SECTION 1. Be it enacted by the People of the State of Illinois, represented in the General Assembly, If any railroad corporation, organized or doing business in this State under any act of incorporation, or general law of this State now in force, or which may hereafter be enacted, or any railroad corporation organized or which may hereafter be organized under the laws of any other State, and doing business in this State, shall charge, collect, demand, or receive more than a fair and reasonable rate of toll or compensation for the transportation of passengers or freight of any description, or for the use and transportation of any railroad car upon its track, or any of the branches thereof, or upon any railroad within this State which it has the right, license, or permission to use, operate, or control, the same shall be deemed guilty of extortion, and upon conviction thereof shall be dealt with as hereinafter provided.

SEC. 2. If any such railroad corporation aforesaid shall make any unjust discrimination in its rates or charges of toll, or compensation, for the transportation of passengers or freight of any description, or for the use and transportation of any railroad car upon its said road, or upon any of the branches thereof, or upon railroads connected therewith, which it has the right, license, or permission to operate, control, or use, within this State, the same shall be deemed guilty of

having violated the provisions of this act, and upon conviction thereof shall be dealt with as hereinafter provided.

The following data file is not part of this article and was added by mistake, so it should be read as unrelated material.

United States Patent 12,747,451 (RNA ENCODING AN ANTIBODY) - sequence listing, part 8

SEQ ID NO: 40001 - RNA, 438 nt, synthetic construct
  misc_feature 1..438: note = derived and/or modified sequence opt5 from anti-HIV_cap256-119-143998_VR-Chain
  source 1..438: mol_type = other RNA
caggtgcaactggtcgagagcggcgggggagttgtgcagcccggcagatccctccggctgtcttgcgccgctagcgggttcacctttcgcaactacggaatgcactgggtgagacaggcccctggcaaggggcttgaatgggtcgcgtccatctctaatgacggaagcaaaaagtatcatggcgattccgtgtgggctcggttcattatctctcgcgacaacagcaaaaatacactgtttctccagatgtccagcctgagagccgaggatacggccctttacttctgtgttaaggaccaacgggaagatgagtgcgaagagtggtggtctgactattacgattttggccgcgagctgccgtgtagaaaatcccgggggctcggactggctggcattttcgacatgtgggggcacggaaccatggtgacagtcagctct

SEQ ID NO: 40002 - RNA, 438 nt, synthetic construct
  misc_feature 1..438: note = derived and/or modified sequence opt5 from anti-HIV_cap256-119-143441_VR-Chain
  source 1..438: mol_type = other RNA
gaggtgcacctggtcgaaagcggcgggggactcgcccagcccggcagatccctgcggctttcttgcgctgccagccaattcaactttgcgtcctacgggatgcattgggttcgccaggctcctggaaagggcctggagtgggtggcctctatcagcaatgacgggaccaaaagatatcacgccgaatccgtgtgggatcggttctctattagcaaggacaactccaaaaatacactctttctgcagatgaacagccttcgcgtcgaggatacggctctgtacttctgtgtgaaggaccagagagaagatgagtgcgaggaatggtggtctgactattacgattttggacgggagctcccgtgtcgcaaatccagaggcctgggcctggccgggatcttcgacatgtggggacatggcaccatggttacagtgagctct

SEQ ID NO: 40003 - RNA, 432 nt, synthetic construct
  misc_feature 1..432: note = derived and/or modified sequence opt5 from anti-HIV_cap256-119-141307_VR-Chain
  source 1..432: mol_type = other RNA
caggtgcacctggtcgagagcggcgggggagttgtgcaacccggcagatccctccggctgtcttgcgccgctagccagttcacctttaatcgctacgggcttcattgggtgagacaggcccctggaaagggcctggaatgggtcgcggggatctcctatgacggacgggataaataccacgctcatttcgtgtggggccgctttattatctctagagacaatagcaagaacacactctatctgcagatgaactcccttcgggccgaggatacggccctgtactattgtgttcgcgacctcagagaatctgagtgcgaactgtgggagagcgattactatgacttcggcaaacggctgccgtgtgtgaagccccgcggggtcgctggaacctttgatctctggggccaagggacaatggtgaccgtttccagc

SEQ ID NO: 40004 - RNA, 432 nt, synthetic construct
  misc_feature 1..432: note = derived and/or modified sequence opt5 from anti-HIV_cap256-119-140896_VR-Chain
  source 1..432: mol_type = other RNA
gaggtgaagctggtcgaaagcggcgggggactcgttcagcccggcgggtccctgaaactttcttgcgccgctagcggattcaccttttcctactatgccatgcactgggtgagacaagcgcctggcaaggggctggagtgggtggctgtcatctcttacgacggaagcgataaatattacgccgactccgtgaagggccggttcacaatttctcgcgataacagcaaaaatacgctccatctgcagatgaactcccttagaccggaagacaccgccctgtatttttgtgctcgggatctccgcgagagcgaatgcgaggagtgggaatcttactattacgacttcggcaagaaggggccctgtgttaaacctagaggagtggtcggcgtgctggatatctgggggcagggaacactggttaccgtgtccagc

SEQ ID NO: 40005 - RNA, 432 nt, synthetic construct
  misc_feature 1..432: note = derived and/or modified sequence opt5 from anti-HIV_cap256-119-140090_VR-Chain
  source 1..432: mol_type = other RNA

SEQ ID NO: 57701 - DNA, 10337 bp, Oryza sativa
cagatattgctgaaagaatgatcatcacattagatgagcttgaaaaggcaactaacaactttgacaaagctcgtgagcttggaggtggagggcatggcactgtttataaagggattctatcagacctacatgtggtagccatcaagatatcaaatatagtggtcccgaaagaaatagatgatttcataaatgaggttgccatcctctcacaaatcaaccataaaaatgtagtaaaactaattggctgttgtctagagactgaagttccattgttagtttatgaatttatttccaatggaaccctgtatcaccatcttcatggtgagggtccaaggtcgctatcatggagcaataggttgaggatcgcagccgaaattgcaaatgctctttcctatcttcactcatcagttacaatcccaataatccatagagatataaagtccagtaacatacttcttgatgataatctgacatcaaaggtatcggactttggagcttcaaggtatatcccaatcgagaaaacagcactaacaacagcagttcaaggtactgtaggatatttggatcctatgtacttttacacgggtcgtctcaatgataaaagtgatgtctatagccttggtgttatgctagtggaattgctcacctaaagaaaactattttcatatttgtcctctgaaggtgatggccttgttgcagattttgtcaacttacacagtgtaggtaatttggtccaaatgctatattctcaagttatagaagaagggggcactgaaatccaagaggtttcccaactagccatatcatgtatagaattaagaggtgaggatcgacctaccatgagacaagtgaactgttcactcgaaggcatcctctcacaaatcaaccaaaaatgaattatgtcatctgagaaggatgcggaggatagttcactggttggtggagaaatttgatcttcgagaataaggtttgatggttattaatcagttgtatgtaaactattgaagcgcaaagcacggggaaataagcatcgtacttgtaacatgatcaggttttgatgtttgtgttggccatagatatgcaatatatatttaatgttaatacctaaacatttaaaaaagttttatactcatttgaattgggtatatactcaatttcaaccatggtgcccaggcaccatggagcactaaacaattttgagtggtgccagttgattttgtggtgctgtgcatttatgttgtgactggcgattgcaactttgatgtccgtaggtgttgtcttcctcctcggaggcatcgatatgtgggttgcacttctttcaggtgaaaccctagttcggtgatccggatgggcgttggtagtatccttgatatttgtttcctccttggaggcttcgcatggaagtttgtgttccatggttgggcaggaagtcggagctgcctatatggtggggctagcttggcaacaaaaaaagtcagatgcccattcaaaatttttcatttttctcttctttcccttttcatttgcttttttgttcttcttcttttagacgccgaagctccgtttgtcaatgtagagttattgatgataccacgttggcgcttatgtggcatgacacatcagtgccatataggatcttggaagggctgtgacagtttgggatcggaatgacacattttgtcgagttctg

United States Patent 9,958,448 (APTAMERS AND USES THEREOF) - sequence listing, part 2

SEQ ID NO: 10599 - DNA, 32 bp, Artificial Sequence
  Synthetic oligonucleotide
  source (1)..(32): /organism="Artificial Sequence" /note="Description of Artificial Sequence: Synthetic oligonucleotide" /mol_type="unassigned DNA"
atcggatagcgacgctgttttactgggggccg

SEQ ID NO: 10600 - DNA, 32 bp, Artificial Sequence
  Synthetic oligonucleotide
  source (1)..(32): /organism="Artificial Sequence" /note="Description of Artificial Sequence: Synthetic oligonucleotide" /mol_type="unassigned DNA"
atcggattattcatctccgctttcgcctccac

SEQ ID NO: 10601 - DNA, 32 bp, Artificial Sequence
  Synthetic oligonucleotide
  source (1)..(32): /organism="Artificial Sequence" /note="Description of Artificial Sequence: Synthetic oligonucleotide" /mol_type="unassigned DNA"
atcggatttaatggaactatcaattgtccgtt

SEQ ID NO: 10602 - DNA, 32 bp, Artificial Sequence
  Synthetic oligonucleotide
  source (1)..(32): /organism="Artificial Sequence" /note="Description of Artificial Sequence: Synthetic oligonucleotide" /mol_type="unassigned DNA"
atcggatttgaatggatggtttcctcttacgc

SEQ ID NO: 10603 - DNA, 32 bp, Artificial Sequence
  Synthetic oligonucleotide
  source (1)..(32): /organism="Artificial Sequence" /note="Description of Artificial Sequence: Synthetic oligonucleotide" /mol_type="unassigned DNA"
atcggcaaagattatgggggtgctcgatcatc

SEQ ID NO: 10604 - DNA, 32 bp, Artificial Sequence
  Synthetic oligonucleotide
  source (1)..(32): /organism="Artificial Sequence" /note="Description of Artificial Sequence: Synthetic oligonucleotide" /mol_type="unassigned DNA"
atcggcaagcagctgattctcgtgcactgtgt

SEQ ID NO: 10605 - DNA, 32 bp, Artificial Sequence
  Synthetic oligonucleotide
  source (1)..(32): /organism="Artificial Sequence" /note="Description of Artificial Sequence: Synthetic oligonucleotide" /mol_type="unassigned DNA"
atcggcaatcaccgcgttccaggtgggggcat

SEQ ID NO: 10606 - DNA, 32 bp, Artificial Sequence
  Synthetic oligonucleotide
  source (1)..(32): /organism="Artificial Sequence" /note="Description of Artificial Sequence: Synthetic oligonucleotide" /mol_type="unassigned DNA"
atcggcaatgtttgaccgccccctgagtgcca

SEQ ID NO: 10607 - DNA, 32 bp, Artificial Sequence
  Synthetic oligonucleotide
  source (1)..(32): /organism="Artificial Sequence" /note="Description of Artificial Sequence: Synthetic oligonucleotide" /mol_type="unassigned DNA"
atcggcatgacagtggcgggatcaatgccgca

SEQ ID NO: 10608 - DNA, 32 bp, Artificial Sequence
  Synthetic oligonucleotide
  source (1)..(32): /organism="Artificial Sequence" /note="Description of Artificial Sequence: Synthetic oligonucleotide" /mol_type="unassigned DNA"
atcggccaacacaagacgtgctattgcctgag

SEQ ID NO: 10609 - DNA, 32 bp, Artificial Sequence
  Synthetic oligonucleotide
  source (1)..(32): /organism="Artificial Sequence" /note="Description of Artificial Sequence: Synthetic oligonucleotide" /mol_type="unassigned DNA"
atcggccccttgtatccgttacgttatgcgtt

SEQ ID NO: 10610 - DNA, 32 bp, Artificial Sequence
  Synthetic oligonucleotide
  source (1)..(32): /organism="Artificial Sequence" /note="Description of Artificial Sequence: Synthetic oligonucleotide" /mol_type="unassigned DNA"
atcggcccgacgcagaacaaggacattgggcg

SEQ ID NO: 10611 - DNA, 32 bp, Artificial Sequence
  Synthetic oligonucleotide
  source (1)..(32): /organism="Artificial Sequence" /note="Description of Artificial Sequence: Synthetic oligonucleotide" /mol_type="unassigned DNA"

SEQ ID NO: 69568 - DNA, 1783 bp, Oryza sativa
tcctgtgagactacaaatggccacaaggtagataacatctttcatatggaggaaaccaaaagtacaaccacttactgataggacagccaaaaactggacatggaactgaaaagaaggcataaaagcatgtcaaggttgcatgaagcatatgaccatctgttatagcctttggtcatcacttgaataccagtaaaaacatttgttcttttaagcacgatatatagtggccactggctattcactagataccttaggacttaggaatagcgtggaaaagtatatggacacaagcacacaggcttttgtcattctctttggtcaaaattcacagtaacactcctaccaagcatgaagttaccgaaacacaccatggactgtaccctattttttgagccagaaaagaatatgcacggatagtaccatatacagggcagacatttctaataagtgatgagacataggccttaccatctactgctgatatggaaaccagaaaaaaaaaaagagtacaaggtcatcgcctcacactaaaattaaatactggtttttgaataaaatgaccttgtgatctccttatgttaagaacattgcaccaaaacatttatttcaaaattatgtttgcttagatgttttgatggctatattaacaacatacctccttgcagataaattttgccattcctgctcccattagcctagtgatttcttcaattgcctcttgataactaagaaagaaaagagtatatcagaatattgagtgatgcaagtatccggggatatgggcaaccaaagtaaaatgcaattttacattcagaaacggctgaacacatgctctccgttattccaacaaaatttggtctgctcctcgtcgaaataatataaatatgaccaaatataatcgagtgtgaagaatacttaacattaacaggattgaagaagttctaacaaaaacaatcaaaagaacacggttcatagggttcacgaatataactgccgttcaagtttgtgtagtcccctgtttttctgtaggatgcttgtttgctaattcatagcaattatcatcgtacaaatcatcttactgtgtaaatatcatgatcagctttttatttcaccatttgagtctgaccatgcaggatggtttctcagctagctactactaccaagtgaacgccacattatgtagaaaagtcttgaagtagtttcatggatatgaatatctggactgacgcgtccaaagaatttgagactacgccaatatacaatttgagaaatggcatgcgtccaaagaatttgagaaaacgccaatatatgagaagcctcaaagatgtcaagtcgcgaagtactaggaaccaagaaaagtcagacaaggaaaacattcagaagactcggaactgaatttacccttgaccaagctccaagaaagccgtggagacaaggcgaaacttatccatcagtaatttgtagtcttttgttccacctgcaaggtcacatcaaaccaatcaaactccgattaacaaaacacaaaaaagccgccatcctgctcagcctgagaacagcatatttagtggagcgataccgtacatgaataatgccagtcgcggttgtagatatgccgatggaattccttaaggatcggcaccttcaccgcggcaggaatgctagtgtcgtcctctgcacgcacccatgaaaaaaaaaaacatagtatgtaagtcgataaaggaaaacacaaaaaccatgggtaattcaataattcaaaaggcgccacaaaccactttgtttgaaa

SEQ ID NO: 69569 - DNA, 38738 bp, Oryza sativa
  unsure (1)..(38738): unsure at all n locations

SEC. 3. If any such railroad corporation shall charge, collect, or receive for the transportation of any passenger, or freight of any description, upon its railroad, for any distance within this State, the same or a greater amount of toll or compensation than is at the same time charged, the same direction, of any passenger, or like collected, or received for the transportation, in quantity of freight of the same class, over a greater distance of the same railroad; or if it shall charge, collect, or receive at any point upon this railroad a higher rate of toll or compensation for receiving, handling, or delivering freight of the same class and quantity than it shall at the same time charge, collect, or re ceive at any other point upon the same railroad; or if it shall charge, collect, or receive for the transportation of any passenger, or freight of any description, over its railroad a greater amount as toll or compensation than shall at the same time be charged, collected, or received by it for the transportation of any pas senger or like quantity of freight of the same class, being transported in the same direction over any portion of the same railroad of equal distance; or if it shall charge, collect, or receive from any person or persons a higher or greater amount of toll or compensation than it shall at the same time charge, collect, or receive from any other person or persons for receiving, hand ling, or delivering freight of the same class and like quantity at the same point upon its railroad; or if it shall charge, collect, or receive from any person or persons for the transportation of any freight upon its railaoad a higher or greater rate of toll or compensation than it shall at the same time charge, collect, or receive from any other person or persons for the transportation of the like quantity of freight of the same class being transported from the same point in